Mar 24 2012

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My Daughter and I Built Another Birdhouse

I had some shop time alone with my daughter yesterday and she wanted to build something. I told her she could use any materials I had in my shop, not just the scrap pieces I usually let her use, if she drew up plans for what she wanted to build. She decided she wanted to build another bird house, so she got out her pencil and I didn’t hear from her for a few minutes.

When she was done, she showed me a the front view of a typical house with the A-frame roof. I told her we needed a side view too. So she drew the side with a roof coming to a peak, so the roof would be shaped like a pyramid. I told her that would be hard to make, so she said let’s just do a flat roof. I also recommended we should lose the perch because it doesn’t help the birds living in the house, just their predators.

Next I asked her to find the materials she wanted to use, she picked some old 6″ wide strips of 3/4″ plywood off my cutoff shelf. I figured the easiest way to proceed would be to make a simple square box, so we measured out 4 – 6″pieces for the sides. She tried cutting it with a handsaw, but she wasn’t getting very far, so I suggested that I cut the pieces for the sides on my miter saw.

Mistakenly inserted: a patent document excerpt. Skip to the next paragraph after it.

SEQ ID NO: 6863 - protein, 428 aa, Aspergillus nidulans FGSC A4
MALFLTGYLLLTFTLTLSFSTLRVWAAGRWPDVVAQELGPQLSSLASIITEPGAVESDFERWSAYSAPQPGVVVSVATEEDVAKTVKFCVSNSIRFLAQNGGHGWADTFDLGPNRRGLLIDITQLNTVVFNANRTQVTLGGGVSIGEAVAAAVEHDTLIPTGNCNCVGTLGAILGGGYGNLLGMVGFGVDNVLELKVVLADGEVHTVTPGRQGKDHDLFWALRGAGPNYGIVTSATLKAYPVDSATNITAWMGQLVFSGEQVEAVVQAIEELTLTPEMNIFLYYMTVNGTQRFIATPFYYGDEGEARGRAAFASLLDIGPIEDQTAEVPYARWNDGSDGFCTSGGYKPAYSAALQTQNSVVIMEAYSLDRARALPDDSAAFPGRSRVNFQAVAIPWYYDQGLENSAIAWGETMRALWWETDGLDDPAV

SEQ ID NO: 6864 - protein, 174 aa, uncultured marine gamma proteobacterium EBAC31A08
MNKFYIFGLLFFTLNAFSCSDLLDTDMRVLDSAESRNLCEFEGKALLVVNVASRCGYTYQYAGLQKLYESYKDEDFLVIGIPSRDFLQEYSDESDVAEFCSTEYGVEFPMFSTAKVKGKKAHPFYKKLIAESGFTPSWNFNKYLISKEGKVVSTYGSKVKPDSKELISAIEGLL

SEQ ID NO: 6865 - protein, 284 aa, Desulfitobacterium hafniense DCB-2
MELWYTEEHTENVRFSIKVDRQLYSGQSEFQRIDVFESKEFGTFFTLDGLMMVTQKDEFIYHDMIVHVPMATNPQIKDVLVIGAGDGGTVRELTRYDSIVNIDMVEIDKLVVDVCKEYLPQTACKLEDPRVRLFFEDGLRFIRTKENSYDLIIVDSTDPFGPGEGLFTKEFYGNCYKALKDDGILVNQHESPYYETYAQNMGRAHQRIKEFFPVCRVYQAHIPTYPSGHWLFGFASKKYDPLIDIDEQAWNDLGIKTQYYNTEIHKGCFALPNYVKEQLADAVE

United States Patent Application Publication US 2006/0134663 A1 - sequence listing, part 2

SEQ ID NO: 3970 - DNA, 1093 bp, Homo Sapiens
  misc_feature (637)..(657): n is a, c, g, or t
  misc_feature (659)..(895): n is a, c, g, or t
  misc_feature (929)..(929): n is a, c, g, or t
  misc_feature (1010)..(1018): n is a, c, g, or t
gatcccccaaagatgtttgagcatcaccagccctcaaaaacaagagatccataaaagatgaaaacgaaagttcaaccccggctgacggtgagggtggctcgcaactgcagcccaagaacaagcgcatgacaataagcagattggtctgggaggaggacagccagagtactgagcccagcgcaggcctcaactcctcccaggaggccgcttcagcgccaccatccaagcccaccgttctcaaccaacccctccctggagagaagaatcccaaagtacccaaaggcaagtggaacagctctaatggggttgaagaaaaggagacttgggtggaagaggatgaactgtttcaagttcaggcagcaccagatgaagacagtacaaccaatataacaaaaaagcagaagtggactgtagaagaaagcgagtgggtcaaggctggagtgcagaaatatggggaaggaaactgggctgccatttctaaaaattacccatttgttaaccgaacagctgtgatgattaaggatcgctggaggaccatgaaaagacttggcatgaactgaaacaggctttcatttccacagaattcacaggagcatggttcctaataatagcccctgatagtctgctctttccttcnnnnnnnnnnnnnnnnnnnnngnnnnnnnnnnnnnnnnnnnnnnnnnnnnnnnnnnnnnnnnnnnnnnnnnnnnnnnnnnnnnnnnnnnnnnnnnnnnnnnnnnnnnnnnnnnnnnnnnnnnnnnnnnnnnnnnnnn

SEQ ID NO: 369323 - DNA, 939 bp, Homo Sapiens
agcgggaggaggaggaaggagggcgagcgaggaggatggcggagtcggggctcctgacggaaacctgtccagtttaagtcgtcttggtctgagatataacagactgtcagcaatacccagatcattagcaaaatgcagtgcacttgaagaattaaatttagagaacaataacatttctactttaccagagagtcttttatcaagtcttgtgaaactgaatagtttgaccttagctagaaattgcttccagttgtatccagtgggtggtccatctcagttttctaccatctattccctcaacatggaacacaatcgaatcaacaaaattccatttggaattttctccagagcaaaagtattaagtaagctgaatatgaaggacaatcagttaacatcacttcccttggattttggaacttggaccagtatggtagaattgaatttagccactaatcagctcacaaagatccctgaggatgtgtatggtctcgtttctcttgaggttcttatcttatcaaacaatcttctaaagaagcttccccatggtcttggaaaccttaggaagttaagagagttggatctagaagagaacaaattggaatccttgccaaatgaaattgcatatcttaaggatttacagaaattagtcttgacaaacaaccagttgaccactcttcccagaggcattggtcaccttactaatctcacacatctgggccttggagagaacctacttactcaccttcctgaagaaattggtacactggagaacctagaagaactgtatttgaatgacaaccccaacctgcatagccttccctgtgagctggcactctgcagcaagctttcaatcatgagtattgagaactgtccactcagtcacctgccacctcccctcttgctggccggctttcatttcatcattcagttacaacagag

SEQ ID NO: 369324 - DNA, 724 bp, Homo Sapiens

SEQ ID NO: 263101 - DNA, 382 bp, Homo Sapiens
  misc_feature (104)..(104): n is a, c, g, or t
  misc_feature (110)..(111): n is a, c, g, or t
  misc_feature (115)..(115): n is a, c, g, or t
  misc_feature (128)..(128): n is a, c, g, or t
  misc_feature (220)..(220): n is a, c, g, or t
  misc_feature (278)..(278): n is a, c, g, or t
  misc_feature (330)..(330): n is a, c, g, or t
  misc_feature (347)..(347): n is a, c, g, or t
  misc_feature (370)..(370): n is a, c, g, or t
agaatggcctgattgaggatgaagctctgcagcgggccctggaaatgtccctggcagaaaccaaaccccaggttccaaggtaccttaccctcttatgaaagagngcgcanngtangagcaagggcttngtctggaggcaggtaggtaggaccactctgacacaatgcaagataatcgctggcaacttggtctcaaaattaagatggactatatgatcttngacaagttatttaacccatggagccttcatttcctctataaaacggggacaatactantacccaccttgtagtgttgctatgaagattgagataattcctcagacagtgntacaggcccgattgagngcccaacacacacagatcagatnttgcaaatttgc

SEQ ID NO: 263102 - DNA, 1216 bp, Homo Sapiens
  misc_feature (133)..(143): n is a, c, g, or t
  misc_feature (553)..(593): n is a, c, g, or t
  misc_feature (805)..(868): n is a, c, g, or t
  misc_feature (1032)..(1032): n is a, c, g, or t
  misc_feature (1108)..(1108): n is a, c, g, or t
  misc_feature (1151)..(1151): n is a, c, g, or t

At this point our dog Greta wandered into the shop. She doesn’t usually come into my shop, one because she usually lays down right in my way and two because the loud machines bother her. But yesterday for some reason, she wandered over to the corner and laid down out of my way. My daughter left the room though, because my miter saw makes too much noise for her taste.

Once the sides were cut, we stood up the pieces and measured for the floor and roof boards. Again she left the room while I cut the pieces on the miter saw.

When she came back into the shop, she was excited to start hammering nails. I marked the places she needed to start the nails on the boards, but she just wasn’t getting very far — the plywood was much harder material than she was used to. So I let her use my Bosch PS-20 to drive screws instead. The small drill was just about the perfect size for her small hands.

In hindsight I could have drilled pilot holes for all the nails, but she really enjoyed driving the screws.

Once she had the 4 sides and bottom screwed together, we needed to find a hinge for the top so we could clean it out from time to time. I found an old door hinge and the matching screws. I did need to re-drill a few holes because the screws would have been too close to the edge of the plywood.

Finally, I drilled a 1-1/4″ hole in the front of the house for the bird to enter, since my daughter wasn’t comfortable using my big cordless drill.

Many times having my daughter in my shop can be stressful, but yesterday it was very enjoyable. Here’s why I think this time was different:

  • We were the only people in the house, so there were no other distractions.
  • We spent the first 15 minutes in the shop cleaning up so that we had plenty of room to work.
  • We had a plan.
  • The project only took a half an hour.
  • We stopped right away when a task became frustrating (driving nails) and found another way.

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